It is official. We have lost the war on drugs, which greatly targeted the use of cannabis among Americans. Moreover, the lost war has left America with a sour wound at the local and international level. Locally, we have wasted billions of dollars trying to arrest and jail peaceful cannabis users. Internationally, we are now known as the country with the highest number of prisoners. Unfortunately, most of them are incarcerated for “crimes” that could have been prevented had we put together a proper legal framework that defined and categorized cannabis accurately. Since our federal and state laws have wrongly categorized cannabis as a “very dangerous drug,” most of us perceive it that way. 

But do we have a way of legalizing it for safer use? Or, are we going to make laws based on abuse and false categorization? In this discussion, I will show you where we are as a nation compared to what other developed nations are doing regarding cannabis legalization.  

Where Do We  Stand Now? 

So far, only four out of our 50 states have legalized cannabis for recreational use. In 2012, Colorado and Washington pioneered the move. Here is what other countries are doing and have done: 

  • In 2013, Uruguay became the first nation to fully legalize cannabis  
  • In 2016, New Zealand promised to hold a national referendum to allow its citizens to decide whether they want the plant legalized or not 
  • Canada is on its way to become the first G7 nation to legalize cannabis. So far, a bill is already in parliament in Ottawa to legalize the plant.

UK Doctors are Speaking Loud and Clear 

In the UK, doctors are taking the lead in pushing for the legalization of cannabis for medical uses. This renewed enthusiasm follows a case where a six-year old boy was denied to use his cannabis-based medical treatment for epilepsy in the UK. The boy had been treated effectively in the Netherlands but when he came home, he was denied the right to use it because it contained “banned substances.” He took a petition with 300,000 signatures to the House of Commons.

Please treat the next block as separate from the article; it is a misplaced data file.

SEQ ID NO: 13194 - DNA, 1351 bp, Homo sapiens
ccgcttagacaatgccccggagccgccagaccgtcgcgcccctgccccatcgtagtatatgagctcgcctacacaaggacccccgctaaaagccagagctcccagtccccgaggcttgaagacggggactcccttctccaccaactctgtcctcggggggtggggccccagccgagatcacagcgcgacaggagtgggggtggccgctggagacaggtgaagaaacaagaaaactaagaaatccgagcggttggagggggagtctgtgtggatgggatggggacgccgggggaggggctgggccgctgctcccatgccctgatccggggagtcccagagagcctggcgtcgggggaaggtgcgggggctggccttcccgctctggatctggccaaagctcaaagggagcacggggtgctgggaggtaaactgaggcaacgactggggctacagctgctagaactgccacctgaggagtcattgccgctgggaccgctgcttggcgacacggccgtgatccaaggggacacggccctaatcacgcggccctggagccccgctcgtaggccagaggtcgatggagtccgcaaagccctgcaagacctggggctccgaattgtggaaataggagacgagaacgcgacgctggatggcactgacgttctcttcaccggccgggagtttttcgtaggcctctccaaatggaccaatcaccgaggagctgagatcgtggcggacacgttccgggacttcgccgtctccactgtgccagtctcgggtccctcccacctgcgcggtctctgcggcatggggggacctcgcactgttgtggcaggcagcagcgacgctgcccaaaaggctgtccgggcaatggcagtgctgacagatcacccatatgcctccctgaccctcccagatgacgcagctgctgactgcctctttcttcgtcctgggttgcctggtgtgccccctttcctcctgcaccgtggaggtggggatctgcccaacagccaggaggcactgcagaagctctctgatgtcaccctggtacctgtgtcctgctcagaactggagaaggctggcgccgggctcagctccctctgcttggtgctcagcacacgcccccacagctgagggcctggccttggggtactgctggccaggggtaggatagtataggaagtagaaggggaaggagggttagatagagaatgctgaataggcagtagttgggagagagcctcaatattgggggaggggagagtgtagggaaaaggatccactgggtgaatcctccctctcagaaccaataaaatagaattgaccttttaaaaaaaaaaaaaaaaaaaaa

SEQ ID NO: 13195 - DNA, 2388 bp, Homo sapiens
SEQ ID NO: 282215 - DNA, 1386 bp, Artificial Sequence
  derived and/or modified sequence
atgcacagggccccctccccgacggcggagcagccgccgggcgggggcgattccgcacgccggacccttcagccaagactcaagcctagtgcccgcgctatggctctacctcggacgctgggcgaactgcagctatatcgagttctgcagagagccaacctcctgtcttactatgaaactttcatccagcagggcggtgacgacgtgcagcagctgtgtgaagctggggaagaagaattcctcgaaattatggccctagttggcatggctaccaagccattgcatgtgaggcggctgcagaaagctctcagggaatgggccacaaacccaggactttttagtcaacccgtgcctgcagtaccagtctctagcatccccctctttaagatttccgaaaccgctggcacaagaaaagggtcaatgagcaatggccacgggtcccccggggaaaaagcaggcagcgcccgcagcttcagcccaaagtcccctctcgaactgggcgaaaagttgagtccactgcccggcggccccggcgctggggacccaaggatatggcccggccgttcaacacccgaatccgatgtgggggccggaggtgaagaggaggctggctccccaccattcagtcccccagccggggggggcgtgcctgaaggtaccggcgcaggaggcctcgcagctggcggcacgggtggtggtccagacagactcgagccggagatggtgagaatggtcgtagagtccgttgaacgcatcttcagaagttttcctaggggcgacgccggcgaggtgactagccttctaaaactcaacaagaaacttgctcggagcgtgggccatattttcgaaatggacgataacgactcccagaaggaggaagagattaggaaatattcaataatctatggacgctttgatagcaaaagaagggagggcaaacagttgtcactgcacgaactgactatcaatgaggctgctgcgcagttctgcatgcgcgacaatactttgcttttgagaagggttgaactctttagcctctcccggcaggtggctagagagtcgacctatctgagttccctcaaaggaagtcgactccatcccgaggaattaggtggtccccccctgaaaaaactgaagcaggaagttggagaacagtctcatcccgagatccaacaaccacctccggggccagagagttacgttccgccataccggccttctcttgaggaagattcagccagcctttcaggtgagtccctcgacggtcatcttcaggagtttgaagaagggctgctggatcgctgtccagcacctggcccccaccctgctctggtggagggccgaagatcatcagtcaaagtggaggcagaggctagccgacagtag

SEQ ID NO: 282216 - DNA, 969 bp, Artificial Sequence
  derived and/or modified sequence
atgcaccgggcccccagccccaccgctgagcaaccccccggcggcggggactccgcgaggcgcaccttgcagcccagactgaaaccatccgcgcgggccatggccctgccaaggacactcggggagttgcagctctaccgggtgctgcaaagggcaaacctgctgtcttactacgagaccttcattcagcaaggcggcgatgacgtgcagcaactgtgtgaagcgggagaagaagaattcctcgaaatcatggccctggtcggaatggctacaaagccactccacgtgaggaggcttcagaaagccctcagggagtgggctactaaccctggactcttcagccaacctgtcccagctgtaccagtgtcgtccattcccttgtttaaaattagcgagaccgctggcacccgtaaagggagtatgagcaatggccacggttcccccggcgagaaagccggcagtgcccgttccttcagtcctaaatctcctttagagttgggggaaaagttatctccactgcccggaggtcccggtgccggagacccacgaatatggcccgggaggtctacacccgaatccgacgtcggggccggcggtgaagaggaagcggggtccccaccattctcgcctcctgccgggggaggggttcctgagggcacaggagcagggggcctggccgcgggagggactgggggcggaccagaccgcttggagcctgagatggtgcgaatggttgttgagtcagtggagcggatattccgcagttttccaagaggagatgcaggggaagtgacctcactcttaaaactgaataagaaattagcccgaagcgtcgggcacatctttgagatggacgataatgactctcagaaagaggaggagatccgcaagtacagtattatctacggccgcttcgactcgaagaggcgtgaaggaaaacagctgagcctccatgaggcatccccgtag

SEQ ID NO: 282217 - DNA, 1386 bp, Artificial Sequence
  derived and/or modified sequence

One of the MPs in the House, Dan Paulter, termed the draconian and inhuman denial of the boy’s cannabis medical use as one of the “absurdities about the law.” Doctors in the House of Commons are leading efforts to amend the law that bans the use of cannabis for medical reasons. Another 12 year old boy, Billy Caldwell, claimed that he too suffered similar injustices as he was denied treatment and his doctor was reprimanded by state officials for attempting to write a cannabis-based prescription.  

The Australian Case and Push 

In Australia, the Greens’ policy indicates that 35 percent of Australians have already used cannabis. Moreover, they also have many cannabis-related arrests with 79,643 people being arrested in 2015/2016. 

Despite all these thousands of people facing arrest, it is clear that cannabis’ impact on the Australian population is nothing compared to that of alcohol and tobacco. For example, one study shows that tobacco accounted for 9 percent of Australia’s combined fatal and non-fatal disease burden with alcohol accounting for 4.6 percent. However, illegal drugs only had a 2.3 percent contribution with cannabis accounting for only 7 percent of the 2.3 percent. 

With these realities clear before law makers and other policy shapers, Australia is steadily moving towards legalization. One of the leading proponents of legalization, Di Natale, who is also a former doctor, says that the “tough” approach the government has taken on the plant causes “enormous” harm. He also adds that banning cannabis only drives people from getting timely help and exposes them to a dangerous black market. He further states that, “Our plan to create a legal market for cannabis production and sale will reduce the risks, bust the business model of criminal dealers and syndicates and protect young people from unfair criminal prosecutions.” He also says that, “drug use as a health issue, not a criminal issue,” terming the legalization bandwagon as a rational response to the “failed” combative policy of criminalization.

Responding to the above moves, Alex Wodak, the president of the Australian Drug Law Reform Foundation, says that the ban on cannabis has neither reduced its abuse nor availability. Instead, he laments that it has distracted the police from chasing serious criminals, hurt innocent youths, and enriched more crooks who control its black market. 

Final Thoughts 

This post was meant to open your eyes to see where we are in legalizing cannabis compared to other developed countries such as Canada, the UK, New Zealand, and Australia. I hope that our medical fraternity and law makers will learn serious lessons from these countries.